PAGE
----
How Should You Thin Water-Based Polyurethane with Water?
To thin water-based polyurethane effortlessly, follow these steps:
- Transfer the polyurethane you plan to use into a separate container, ensuring extra space for the increased volume after thinning.
- Add water equal to 2-3% of the total volume (e.g., 0.3-0.5 fluid ounces of water for 16 fluid ounces of polyurethane).
- Gently mix the polyurethane and water using a stirring stick, avoiding excessive agitation.
- Transfer some of the mixtures into your spray gun and assess the spray consistency. If satisfactory, the process is complete.
- If the desired consistency is not achieved, add another 2-3% of water, stir, and test again. Repeat until reaching a maximum of 10% water, although the ideal consistency will likely be attained before this point.
How Should You Thin Water-Based Poly for Wiping?
The process for thinning water-based polyurethane for wiping is similar to that for spraying, with the main difference being the polyurethane-to-water ratio.
For wiping, use a 50:50 ratio to achieve a thinner consistency, which is crucial for optimal results. Alternatively, we recommend purchasing pre-mixed wipe-on polyurethane specifically formulated for wiping applications.
What to Use to Thin Polyurethane Before Spraying?
These solvents can be used to dilute polyurethane before spraying.
Avoid using acetone to thin polyurethane, as it separates the polymer from its binder, hindering proper adhesion to the wood. Acetone also causes polyurethane to dry too quickly, leading to cracks over time.
Can You Use Floetrol to Thin Water-Based Polyurethane?
Floetrol is commonly used to thin water-based (latex) paints and often yields better results than water. While Floetrol can be used to thin water-based polyurethane without issues, it is often unnecessary, as water typically suffices.
Many water-based polyurethanes are formulated to not require thinning, and water effectively serves this purpose when needed.
However, some individuals prefer using Floetrol for thinning water-based polyurethane, so experimenting with alternatives to potentially improve the finish is always an option.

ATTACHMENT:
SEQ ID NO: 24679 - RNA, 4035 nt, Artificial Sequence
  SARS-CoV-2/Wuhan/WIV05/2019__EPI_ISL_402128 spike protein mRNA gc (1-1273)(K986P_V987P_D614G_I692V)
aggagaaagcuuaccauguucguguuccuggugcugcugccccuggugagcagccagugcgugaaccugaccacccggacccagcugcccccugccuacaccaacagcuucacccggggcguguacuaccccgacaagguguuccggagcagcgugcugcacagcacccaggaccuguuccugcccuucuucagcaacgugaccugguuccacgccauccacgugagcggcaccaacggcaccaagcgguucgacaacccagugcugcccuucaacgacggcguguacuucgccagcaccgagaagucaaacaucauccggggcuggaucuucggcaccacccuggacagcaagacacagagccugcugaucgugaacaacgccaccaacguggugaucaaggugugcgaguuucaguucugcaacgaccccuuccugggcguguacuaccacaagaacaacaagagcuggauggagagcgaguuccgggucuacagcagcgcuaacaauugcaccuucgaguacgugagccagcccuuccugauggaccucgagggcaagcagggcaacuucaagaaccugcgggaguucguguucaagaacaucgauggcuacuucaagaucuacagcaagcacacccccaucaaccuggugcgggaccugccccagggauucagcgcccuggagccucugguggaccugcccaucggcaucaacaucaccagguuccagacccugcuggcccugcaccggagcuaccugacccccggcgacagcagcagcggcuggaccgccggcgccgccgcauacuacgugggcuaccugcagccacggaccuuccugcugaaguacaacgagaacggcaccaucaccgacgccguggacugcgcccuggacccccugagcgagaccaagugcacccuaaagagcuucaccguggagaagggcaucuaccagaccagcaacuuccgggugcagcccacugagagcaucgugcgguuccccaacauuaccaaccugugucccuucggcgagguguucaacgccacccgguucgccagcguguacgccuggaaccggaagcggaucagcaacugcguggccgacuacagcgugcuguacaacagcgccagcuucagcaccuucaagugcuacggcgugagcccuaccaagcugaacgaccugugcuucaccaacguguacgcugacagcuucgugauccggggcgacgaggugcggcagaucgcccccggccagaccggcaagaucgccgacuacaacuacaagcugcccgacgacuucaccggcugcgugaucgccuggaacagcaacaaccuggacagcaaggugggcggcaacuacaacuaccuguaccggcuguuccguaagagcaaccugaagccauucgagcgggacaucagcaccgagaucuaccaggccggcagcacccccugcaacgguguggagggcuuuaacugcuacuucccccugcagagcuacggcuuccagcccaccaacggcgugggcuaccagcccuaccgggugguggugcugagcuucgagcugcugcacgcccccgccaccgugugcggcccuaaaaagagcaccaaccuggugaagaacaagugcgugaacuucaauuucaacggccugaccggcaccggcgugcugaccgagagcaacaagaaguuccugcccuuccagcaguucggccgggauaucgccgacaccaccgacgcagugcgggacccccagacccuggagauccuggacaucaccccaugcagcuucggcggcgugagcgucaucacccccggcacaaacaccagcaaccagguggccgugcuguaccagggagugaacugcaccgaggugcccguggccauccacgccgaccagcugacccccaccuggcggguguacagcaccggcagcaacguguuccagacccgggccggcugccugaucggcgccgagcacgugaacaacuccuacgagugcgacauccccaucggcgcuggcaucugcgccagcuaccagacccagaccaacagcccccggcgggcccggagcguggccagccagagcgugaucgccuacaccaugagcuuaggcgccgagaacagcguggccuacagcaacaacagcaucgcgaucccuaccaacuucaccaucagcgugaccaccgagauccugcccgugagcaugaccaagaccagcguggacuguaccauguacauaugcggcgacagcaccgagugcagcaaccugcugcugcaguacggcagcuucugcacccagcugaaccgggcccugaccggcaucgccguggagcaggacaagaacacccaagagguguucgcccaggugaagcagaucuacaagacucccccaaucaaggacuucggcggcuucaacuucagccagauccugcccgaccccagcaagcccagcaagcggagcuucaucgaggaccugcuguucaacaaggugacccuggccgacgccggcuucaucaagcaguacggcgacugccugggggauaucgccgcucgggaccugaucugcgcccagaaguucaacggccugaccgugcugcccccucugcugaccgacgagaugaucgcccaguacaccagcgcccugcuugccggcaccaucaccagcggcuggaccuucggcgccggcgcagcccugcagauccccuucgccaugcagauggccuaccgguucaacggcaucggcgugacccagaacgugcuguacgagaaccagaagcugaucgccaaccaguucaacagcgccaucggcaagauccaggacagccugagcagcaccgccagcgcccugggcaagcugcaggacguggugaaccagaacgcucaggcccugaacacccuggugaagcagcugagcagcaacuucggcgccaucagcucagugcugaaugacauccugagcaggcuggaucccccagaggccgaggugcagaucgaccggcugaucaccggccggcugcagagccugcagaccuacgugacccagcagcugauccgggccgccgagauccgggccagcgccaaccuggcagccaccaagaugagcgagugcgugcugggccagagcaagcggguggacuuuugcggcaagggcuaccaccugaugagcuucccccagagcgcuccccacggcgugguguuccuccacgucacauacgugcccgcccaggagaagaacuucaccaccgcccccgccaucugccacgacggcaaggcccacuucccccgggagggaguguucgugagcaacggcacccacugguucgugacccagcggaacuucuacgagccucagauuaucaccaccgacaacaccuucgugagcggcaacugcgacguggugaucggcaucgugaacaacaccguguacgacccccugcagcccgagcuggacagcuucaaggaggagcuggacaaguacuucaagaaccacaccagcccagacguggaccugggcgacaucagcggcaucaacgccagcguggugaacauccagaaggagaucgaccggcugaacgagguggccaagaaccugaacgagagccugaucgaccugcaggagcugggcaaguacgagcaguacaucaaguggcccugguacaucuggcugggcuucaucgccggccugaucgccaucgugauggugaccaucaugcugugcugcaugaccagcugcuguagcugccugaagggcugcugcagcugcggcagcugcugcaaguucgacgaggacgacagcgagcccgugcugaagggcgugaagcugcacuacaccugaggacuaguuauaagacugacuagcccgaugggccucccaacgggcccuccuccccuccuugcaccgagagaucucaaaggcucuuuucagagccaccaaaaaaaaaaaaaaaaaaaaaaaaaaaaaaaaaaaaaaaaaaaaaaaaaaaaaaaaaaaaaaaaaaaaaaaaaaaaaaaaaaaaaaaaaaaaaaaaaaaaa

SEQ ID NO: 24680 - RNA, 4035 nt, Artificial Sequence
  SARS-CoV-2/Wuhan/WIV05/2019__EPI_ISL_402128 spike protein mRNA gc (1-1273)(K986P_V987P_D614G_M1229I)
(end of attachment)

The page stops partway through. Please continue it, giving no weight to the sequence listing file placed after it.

Can You Thin Water-Based Poly with Mineral Spirits?
As a general guideline, water-based finishes are not compatible with mineral spirits. Although mineral spirits are commonly used for thinning oil-based polyurethane, they should never be used to thin water-based polyurethane.
Since water-based polyurethane can be easily thinned with readily available water, there is no need to introduce mineral spirits into the process.
Can You Thin Water-Based Polyurethane Using Alcohol?
Although denatured alcohol serves as a solvent in some woodworking applications, it is not recommended for thinning water-based polyurethane, similar to mineral spirits.
Water-based polyurethane only requires water for thinning, and solvents like mineral spirits and denatured alcohol are not compatible with water-based finishes.
How Much Should You Thin Poly for Spraying?
To dilute oil-based polyurethane, use a 4:1 ratio by mixing four parts polyurethane with one part mineral spirit.
When working with water-based polyurethane, slowly add water in increments of 2%-3% until you reach the desired consistency, making sure not to exceed 10% of the total volume.
Keep in mind that the ideal ratio of polyurethane to water may vary based on the brand and application type.
What Will Happen If You Over-Thin Polyurethane?
Excessively thinned polyurethane cannot deliver the expected protection and finish for your woodworking or furniture projects. Adequate amounts of binder and polymer are necessary for proper adhesion and surface protection.
Over-thinned polyurethane can cause the following problems:
It’s not a necessary step to thin polyurethane for spraying, but there are a lot of advantages in doing so.
The desired consistency can vary depending on the specific polyurethane product and spray gun used, so adhering to a fixed ratio may not always yield the best outcome, and over-thinning remains a potential issue.